All Articles Tagged "twitter"
In the age of social media posts, many of us are sharing the daily occurrences in our lives online in some capacity. Whether we are tweeting, facebooking or instagramming, these are all great ways to stay connected with family and friends. But if we’re not careful, we can venture into over-sharing and creating a digital footprint we’re none too proud of. While some people are very private and limit their social media activity to the occasional benign post, there are some who view social media as a personal diary where they go to document every thought and dramatic twist of their lives. Not only can over-sharing annoy our friends and followers, it can also embarrass our kids and jeopardize our livelihood. When it comes to social media habits, we should lead by example for our children. Here are 5 posts you may want to try and avoid when using social media.
5 Social Media Posts Parents Should Avoid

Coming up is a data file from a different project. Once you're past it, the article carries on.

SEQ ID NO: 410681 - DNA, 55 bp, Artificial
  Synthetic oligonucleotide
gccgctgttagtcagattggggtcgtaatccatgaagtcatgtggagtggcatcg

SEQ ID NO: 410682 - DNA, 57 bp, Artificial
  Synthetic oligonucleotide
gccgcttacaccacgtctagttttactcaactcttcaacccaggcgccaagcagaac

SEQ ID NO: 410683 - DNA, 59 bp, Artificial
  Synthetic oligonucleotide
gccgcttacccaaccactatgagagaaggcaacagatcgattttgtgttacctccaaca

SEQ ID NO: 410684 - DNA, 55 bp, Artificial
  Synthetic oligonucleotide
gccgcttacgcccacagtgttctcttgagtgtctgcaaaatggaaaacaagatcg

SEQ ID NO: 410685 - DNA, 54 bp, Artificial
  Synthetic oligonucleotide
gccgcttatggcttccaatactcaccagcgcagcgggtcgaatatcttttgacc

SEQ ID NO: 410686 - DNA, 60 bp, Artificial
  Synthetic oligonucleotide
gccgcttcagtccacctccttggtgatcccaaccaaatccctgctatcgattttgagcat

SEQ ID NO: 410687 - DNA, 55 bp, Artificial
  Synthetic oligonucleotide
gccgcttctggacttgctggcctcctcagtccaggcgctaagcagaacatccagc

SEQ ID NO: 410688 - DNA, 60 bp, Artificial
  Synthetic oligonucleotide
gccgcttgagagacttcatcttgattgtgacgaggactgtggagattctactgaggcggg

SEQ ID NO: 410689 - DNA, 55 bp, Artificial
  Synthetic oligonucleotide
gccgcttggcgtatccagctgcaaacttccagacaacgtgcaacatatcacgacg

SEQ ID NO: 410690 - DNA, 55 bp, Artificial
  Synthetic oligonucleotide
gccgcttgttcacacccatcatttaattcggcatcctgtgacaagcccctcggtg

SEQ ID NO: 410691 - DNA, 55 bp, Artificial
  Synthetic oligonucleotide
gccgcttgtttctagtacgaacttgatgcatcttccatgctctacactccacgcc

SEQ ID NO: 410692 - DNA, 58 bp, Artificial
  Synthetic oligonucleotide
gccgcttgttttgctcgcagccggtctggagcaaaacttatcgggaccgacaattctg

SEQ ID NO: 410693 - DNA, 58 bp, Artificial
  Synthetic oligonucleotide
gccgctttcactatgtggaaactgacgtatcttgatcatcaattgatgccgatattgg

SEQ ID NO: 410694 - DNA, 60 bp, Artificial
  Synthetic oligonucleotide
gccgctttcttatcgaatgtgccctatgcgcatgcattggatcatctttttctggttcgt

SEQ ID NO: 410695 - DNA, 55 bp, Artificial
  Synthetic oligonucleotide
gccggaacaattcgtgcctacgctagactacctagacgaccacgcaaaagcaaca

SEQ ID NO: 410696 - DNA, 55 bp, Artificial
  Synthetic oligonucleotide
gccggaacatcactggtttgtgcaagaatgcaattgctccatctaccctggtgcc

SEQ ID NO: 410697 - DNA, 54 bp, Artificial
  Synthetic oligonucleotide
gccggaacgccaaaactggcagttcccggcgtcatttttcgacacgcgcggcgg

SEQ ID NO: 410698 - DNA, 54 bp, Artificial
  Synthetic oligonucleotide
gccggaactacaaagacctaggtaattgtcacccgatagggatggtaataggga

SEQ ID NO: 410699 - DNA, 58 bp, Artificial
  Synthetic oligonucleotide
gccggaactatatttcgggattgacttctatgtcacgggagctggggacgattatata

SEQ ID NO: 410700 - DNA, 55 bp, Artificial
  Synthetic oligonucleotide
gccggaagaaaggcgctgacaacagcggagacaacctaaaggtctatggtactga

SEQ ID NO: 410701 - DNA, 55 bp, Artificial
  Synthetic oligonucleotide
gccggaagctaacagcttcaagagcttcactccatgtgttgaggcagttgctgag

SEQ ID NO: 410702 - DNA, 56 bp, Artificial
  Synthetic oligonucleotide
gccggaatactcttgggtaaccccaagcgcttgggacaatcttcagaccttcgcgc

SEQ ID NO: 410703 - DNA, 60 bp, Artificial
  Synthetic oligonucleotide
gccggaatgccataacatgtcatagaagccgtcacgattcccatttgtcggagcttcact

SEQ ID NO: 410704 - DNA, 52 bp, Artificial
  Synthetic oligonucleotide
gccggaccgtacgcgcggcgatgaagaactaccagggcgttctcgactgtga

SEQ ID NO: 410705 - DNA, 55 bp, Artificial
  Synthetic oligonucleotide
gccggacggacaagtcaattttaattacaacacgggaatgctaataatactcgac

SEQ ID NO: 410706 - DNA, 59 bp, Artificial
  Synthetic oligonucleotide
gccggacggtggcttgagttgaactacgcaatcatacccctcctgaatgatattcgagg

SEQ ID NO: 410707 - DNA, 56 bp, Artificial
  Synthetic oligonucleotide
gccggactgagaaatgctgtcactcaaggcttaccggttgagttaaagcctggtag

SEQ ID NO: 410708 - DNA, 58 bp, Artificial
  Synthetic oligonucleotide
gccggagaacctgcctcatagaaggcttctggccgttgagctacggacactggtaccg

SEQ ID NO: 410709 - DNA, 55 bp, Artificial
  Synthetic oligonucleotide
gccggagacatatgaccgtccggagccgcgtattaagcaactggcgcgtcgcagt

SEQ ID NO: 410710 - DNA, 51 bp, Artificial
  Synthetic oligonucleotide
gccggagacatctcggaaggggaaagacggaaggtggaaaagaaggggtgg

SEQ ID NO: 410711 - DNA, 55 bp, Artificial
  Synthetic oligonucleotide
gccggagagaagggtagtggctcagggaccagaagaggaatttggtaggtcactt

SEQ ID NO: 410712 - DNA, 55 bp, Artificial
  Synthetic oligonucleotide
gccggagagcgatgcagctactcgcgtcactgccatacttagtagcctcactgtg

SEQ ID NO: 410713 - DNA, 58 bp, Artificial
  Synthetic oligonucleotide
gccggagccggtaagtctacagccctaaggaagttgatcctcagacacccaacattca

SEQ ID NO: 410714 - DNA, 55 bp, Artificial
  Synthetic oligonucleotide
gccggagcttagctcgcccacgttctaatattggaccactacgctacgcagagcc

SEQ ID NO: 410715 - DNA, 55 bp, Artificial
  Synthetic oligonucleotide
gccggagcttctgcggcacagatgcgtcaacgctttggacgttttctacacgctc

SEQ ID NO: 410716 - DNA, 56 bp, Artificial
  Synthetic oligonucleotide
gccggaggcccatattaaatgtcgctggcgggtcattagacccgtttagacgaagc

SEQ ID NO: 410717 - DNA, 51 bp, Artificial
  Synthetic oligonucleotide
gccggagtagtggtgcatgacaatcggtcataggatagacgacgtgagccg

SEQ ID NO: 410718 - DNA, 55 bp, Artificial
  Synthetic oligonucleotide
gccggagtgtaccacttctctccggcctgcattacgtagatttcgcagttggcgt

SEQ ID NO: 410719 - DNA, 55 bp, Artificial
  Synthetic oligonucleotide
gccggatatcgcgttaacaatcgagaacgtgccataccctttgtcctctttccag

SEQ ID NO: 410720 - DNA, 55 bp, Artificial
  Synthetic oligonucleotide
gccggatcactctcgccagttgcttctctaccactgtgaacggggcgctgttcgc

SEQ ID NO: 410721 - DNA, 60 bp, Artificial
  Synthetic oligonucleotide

#YouGoodMan: Kid Cudi’s Depression Admission Encourages Black Men On Twitter To Discuss Their Mental Health
We told you yesterday that rapper Kid Cudi revealed to his fans that he was entering treatment to take care of his mental health. As he put it in the letter he posted on Facebook, “Yesterday I checked myself into rehab for depression and suicidal urges. I am not at peace,” he said. “I haven’t been since you’ve known me. If I didn’t come here, I wouldve done something to myself. I simply am a damaged human swimming in a pool of emotions everyday of my life. Theres a ragin violent storm inside of my heart at all times. Idk what peace feels like.”
Cudi stated that he felt “ashamed” as a leader to share the emotional turmoil he’s been dealing with over the years, or the “lie” he was living. But what he didn’t realize was that by sharing his story, he actually opened the door for other men, Black men in particular, to share their own struggles with mental health. According to The Grio, Twitter users @DaynaLNuckolls and @TheCosby suggested the creation of a hashtag to give Black men the space to open up about emotions they often feel they can’t share. The result was #YouGoodMan. Just like that, many men of color started to speak about their mental health battles on Twitter:
I cry to sleep some nights, other nights i don’t sleep. Its Not demons…Not “white folk problems” it’s an illness. Ur not alone #YouGoodMan
— Captain Kirk (@ILLCapitano94) October 6, 2016